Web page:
Recently, my second son, Nate (7 yrs) also discovered the excitement and thrill of the Odyssey… dangerous voyages, meddling gods and goddesses, escaping an inhospitable Cyclops, outwitting bewitching nymphs, battling self-serving and usurping nobles…
He isn’t reading Homer (per se)… Rather, he is reading a 6-part series of chapter books retelling the famous story. The series, called Tales from The Odyssey, is written by Mary Pope Osborne (the author of the bestselling Magic Tree House series). She retains the bulk of the narrative, including the sordid moments (albeit appropriately diluted for young readers). She also uses the Greek names of gods and goddesses, heroes and monsters and she provides a pronunciation guide at the back of each book.
My son couldn’t put them down. He devoured the books as fast and as ravenously as the six-headed Scylla or the one-eyed Polyphemus devour Odysseus’s men.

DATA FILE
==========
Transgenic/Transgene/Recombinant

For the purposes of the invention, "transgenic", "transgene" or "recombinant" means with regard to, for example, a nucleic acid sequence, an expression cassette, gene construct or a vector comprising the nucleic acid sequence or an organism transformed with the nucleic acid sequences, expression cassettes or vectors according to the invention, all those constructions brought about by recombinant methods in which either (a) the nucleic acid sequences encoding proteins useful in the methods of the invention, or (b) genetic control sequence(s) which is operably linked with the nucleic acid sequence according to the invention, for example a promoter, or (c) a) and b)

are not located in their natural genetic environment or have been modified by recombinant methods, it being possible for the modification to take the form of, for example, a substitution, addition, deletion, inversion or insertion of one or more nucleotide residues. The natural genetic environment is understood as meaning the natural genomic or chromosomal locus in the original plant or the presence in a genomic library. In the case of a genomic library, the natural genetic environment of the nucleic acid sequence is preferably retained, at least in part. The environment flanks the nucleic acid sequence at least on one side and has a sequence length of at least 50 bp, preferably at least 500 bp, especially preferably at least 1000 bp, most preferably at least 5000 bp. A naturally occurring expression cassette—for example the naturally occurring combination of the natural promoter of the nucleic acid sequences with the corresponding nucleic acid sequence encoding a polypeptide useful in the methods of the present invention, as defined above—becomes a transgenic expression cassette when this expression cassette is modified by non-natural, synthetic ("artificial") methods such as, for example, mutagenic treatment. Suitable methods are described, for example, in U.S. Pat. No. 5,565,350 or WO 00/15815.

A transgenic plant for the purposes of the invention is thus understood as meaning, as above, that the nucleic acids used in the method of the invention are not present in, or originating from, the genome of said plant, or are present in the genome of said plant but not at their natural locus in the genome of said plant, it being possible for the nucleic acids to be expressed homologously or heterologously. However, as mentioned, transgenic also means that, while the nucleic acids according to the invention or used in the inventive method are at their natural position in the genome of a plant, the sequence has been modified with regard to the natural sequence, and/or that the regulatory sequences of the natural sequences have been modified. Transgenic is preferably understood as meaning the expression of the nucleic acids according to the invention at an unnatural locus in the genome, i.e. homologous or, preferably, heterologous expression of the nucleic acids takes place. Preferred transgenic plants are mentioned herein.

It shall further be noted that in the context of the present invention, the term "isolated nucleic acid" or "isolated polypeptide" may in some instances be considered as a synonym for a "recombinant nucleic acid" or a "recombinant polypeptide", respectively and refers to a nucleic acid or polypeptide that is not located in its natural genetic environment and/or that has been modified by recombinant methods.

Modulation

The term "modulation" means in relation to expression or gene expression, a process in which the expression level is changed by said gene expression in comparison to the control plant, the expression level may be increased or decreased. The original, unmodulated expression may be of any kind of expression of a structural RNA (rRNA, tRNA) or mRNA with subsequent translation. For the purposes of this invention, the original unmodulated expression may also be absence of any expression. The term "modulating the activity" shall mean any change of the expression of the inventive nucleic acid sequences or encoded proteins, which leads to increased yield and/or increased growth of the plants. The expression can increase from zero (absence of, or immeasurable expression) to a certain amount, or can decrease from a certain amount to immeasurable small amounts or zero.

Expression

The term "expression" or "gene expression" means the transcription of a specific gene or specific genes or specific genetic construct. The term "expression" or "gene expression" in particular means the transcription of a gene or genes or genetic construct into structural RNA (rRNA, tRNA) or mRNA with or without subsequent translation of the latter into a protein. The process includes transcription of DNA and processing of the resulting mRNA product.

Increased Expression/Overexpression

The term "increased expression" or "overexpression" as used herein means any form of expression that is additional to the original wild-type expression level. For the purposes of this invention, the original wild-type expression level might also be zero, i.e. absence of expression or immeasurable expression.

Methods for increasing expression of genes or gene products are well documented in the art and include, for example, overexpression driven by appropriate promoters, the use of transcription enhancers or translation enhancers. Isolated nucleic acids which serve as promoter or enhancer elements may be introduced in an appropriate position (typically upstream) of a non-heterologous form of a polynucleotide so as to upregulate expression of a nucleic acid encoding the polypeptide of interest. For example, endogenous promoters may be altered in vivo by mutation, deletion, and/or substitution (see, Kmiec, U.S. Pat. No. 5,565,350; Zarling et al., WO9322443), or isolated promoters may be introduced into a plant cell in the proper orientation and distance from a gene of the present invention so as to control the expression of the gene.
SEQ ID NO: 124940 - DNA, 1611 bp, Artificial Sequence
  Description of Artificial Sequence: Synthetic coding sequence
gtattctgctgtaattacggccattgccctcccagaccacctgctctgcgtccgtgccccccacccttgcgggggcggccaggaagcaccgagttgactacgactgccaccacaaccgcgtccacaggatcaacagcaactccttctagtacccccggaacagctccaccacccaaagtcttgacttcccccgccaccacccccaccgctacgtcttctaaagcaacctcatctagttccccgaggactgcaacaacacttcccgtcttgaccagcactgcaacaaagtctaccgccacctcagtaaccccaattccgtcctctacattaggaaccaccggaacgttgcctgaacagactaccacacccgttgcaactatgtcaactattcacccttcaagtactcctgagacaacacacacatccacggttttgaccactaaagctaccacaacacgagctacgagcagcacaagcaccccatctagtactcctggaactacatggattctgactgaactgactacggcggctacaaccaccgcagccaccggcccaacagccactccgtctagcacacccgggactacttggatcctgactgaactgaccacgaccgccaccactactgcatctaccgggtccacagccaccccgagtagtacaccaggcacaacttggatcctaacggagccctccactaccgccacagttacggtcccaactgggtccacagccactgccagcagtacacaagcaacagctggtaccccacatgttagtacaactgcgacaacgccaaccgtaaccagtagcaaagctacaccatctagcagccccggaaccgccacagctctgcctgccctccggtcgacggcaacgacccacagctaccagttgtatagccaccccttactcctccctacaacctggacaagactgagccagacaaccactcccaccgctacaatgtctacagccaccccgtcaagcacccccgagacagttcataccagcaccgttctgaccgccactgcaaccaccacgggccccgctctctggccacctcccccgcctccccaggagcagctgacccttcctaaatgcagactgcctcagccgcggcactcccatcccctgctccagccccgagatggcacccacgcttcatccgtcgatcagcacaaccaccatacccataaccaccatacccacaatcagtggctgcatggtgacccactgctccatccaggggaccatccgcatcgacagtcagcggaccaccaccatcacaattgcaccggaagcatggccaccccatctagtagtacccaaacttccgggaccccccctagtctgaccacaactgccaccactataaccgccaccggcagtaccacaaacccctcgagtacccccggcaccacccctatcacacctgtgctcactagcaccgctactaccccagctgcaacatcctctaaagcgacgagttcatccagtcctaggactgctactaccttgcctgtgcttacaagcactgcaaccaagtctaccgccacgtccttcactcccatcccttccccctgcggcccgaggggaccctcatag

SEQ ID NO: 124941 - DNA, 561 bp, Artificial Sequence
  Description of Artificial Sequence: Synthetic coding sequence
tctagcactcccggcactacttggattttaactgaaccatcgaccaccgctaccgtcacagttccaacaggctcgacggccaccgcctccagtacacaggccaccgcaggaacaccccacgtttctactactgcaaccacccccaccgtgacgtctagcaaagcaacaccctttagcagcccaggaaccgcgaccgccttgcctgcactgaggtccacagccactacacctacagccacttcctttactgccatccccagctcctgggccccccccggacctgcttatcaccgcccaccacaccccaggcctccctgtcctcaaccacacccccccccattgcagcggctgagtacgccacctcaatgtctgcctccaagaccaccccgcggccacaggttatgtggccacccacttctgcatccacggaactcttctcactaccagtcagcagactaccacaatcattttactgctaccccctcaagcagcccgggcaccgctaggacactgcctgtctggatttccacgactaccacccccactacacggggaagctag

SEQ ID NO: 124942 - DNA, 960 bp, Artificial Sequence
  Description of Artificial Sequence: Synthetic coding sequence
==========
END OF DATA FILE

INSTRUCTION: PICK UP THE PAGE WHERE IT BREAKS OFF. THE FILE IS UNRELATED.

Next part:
Great stories truly stand the test of time. For almost three thousand years, people have been delighted by the adventures of Odysseus and his fated voyage. Thanks to Mary Pope Osborne, the next generation is able to whet their appetite for great---and ancient---storytelling. If you know any Grade 2 students who would love to go on a romping ride of a read, look up Osborne’s Tales for the Odyssey.
NB: For big people interested in The Odyssey, I highly recommend the recent award-winning translation by Robert Fagles. For a great audio version, Ian McKellen, who played Gandalf in Peter Jackson’s recent film adaptation of Lord of the Rings, reads Fagles translation (unabridged) on CD.